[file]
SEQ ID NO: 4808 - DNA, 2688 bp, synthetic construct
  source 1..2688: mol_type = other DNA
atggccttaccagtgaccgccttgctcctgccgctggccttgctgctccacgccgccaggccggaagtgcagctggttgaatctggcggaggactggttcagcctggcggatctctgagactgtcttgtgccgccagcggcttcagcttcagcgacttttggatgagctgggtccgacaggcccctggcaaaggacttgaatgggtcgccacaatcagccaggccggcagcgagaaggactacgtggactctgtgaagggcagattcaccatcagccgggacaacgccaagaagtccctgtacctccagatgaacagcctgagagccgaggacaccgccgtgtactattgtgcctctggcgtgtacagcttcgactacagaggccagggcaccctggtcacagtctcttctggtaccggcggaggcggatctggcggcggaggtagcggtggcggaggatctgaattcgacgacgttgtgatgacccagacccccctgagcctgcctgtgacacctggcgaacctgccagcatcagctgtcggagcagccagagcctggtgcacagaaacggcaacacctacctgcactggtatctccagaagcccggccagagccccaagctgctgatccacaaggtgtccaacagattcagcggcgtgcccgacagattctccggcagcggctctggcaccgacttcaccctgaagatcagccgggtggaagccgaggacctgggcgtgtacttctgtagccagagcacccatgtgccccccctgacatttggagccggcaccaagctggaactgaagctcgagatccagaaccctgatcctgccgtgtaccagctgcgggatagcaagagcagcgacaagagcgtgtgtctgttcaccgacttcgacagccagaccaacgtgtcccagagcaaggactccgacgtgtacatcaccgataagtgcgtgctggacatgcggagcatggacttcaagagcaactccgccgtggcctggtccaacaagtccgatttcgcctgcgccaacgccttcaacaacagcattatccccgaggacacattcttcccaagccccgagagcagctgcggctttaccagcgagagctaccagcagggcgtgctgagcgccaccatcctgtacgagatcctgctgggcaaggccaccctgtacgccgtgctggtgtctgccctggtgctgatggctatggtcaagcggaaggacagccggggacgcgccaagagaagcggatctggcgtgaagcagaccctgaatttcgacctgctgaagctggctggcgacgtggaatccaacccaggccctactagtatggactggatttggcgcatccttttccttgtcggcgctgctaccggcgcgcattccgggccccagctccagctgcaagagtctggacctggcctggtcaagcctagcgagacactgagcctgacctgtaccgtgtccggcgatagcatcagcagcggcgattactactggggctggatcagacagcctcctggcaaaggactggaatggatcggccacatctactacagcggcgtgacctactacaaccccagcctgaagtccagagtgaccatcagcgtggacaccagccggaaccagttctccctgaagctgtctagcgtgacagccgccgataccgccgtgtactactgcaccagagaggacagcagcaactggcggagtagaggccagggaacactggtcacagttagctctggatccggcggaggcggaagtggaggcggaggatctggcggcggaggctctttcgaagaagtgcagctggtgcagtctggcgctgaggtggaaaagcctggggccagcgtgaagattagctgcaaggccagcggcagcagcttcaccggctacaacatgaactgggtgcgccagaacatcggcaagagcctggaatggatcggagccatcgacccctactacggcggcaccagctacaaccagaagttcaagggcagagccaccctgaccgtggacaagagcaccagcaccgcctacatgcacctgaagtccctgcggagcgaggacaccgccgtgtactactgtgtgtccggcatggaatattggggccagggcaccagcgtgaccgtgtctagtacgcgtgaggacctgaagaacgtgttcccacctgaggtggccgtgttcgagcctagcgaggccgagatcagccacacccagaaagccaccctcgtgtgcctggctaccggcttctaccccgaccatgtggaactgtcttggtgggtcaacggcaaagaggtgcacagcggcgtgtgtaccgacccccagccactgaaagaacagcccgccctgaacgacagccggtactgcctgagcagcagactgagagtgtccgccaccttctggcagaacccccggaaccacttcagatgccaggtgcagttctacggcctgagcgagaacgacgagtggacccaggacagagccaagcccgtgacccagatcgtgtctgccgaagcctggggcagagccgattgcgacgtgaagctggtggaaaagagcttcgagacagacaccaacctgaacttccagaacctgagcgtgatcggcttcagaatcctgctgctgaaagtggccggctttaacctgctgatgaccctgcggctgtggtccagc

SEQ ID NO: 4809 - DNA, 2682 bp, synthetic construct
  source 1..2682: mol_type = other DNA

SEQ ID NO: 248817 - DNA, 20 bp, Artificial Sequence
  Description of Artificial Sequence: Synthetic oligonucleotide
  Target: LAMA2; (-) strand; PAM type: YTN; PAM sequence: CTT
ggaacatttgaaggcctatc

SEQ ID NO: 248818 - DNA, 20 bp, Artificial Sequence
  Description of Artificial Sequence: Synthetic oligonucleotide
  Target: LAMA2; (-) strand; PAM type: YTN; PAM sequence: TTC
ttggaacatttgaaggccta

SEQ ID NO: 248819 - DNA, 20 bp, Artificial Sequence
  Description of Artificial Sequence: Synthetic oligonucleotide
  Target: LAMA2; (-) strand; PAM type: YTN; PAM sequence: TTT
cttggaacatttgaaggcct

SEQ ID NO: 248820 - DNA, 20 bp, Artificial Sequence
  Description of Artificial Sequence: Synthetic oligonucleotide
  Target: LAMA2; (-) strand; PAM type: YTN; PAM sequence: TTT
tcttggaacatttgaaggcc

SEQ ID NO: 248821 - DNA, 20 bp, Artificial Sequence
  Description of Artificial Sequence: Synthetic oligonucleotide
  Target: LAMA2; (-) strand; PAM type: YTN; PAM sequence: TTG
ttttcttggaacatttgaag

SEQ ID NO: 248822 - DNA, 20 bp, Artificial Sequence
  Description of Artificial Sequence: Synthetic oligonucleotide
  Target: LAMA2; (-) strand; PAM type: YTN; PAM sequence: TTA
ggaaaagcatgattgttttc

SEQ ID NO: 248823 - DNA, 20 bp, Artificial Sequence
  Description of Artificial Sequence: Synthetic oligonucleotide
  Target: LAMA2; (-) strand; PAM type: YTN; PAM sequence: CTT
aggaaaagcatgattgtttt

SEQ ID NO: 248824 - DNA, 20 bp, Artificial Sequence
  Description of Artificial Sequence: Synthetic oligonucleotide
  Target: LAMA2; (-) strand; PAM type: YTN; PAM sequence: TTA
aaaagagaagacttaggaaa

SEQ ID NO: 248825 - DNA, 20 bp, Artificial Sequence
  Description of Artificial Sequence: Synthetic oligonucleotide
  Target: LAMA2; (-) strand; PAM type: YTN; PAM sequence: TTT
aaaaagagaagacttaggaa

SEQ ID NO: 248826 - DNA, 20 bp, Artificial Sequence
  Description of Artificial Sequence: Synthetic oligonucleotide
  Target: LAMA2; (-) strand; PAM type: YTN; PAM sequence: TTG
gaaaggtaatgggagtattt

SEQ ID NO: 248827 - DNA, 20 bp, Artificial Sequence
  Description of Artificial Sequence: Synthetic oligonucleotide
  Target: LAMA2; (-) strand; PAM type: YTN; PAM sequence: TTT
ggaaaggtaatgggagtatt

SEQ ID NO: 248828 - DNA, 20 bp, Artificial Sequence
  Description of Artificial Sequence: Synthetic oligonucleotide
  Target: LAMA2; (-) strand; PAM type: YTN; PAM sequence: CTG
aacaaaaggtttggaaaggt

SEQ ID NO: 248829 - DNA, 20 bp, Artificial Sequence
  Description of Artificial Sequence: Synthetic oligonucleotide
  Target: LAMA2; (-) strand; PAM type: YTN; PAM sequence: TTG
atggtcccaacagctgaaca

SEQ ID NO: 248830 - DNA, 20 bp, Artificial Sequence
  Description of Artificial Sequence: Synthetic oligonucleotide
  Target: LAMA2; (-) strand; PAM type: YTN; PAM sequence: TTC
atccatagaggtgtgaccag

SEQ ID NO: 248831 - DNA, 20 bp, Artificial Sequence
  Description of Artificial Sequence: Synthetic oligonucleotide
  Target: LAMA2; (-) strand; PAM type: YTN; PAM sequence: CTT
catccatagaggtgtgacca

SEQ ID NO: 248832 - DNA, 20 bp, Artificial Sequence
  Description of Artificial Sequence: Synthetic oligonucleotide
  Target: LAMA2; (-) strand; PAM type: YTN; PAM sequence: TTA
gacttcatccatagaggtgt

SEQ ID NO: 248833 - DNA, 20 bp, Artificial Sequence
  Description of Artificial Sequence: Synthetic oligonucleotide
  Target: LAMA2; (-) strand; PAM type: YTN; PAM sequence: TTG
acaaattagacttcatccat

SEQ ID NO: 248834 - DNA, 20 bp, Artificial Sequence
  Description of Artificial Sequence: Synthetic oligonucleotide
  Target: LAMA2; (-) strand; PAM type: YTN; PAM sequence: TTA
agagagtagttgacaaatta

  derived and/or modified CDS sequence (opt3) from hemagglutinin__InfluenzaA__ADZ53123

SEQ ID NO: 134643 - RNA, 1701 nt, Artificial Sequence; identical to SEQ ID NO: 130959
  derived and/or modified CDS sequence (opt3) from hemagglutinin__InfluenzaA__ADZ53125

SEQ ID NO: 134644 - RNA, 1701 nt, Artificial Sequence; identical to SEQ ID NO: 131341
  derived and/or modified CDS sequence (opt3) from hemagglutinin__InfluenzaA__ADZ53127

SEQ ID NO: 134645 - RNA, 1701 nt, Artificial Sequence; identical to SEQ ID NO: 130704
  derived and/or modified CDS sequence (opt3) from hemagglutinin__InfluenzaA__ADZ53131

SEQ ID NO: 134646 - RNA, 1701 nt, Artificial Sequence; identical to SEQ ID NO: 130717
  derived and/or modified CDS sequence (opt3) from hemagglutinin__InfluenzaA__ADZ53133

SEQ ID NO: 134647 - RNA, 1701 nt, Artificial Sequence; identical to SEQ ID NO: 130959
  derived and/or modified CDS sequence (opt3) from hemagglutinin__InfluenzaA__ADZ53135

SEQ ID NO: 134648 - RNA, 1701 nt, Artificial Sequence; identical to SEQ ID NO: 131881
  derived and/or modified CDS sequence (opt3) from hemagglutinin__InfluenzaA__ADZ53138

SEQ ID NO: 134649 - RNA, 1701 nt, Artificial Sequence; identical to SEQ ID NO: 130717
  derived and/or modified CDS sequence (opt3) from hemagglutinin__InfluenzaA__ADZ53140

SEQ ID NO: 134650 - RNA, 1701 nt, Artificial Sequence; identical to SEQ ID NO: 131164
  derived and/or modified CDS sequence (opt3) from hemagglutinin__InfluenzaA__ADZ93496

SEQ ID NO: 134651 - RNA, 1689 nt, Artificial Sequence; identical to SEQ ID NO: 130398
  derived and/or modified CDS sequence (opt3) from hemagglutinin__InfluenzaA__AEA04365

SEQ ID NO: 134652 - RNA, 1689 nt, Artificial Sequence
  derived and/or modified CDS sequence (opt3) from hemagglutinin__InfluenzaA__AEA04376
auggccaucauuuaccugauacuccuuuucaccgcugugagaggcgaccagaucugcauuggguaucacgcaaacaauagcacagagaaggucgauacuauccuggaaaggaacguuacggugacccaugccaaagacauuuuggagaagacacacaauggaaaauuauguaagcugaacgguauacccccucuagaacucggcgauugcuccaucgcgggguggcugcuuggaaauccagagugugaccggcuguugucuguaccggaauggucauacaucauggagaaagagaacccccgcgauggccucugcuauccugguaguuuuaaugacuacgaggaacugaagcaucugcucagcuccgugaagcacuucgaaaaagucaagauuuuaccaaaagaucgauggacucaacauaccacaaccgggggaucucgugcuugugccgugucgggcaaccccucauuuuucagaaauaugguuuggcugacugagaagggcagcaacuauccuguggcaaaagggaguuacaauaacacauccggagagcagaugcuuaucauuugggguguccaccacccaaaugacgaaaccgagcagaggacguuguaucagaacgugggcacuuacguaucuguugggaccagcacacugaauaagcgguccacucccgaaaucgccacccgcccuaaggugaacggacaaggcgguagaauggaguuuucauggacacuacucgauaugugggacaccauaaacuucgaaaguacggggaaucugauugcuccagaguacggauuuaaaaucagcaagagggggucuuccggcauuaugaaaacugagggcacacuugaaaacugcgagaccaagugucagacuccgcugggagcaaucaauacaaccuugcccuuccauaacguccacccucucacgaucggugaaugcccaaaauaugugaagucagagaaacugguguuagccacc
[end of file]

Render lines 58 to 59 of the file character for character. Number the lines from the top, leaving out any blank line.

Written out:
SEQ ID NO: 248830 - DNA, 20 bp, Artificial Sequence
  Description of Artificial Sequence: Synthetic oligonucleotide